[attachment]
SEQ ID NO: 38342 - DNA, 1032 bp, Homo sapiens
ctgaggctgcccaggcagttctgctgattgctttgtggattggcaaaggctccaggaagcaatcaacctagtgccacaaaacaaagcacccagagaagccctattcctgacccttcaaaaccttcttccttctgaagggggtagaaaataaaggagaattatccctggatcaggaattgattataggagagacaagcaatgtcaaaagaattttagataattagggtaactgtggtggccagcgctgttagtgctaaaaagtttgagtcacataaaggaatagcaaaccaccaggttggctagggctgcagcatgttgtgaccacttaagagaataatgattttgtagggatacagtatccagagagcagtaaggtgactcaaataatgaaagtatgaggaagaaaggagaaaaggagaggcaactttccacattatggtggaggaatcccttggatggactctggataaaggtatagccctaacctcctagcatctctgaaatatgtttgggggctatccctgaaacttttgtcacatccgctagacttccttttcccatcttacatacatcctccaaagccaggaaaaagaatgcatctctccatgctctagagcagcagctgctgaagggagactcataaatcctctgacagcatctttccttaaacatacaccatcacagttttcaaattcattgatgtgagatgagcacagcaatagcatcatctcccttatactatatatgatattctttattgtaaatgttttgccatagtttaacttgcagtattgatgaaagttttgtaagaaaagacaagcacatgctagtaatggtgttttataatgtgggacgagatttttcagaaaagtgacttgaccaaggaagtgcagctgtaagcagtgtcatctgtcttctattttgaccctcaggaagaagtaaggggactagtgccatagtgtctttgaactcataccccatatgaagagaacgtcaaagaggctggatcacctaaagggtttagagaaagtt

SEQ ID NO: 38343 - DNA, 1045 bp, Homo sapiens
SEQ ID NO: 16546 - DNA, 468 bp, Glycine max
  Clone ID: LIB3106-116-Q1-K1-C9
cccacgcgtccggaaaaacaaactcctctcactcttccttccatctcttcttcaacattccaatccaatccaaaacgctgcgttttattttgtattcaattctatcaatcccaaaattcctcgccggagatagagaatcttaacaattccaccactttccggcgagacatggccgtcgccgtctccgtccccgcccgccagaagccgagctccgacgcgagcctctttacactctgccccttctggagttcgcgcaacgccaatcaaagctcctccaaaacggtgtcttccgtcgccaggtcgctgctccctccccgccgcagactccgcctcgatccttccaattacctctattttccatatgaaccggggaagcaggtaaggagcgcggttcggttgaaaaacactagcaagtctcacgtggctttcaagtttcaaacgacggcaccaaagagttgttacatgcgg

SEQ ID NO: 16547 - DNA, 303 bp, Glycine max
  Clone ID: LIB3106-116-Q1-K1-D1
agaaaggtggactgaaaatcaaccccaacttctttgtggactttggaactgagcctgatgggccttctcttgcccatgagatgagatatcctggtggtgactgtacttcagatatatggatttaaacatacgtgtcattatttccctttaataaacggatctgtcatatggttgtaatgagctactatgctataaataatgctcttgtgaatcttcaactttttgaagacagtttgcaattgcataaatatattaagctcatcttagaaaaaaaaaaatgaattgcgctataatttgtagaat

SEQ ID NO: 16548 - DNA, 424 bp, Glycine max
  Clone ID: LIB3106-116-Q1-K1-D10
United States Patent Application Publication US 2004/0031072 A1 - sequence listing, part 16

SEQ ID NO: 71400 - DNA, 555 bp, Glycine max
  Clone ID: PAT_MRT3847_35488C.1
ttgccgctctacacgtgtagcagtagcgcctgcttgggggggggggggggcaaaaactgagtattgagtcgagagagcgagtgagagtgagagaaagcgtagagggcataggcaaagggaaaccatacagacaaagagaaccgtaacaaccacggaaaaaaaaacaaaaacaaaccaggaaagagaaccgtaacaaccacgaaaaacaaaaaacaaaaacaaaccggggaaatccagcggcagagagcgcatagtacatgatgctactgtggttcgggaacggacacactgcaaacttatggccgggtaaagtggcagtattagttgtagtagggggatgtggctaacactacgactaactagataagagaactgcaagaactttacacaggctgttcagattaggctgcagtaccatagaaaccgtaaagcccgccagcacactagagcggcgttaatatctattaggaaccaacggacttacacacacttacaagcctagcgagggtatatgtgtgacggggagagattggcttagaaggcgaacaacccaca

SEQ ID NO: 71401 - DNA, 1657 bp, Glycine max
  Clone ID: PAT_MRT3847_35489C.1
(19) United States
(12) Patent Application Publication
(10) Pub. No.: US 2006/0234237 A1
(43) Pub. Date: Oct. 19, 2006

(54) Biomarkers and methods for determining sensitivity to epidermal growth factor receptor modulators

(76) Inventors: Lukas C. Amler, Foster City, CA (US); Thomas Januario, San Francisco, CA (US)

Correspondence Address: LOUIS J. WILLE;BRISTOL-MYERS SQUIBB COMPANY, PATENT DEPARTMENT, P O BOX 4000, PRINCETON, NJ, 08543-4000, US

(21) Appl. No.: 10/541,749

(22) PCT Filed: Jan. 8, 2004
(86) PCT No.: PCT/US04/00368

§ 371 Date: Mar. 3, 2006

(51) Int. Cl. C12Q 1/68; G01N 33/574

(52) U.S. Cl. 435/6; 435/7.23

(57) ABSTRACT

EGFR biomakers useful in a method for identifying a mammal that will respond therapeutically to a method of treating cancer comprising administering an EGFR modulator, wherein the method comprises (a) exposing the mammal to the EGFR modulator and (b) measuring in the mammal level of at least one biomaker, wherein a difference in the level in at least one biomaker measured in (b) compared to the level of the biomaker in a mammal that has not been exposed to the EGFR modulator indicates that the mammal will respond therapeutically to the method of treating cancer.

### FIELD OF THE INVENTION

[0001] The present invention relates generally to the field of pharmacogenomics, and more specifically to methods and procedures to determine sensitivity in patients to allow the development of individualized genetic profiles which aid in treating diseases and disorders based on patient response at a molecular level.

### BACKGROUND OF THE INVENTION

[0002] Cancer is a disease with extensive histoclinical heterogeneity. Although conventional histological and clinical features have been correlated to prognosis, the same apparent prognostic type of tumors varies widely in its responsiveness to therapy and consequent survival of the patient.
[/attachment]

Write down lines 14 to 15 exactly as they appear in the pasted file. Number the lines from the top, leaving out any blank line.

  Clone ID: PAT_MRT3847_35488C.1
ttgccgctctacacgtgtagcagtagcgcctgcttgggggggggggggggcaaaaactgagtattgagtcgagagagcgagtgagagtgagagaaagcgtagagggcataggcaaagggaaaccatacagacaaagagaaccgtaacaaccacggaaaaaaaaacaaaaacaaaccaggaaagagaaccgtaacaaccacgaaaaacaaaaaacaaaaacaaaccggggaaatccagcggcagagagcgcatagtacatgatgctactgtggttcgggaacggacacactgcaaacttatggccgggtaaagtggcagtattagttgtagtagggggatgtggctaacactacgactaactagataagagaactgcaagaactttacacaggctgttcagattaggctgcagtaccatagaaaccgtaaagcccgccagcacactagagcggcgttaatatctattaggaaccaacggacttacacacacttacaagcctagcgagggtatatgtgtgacggggagagattggcttagaaggcgaacaacccaca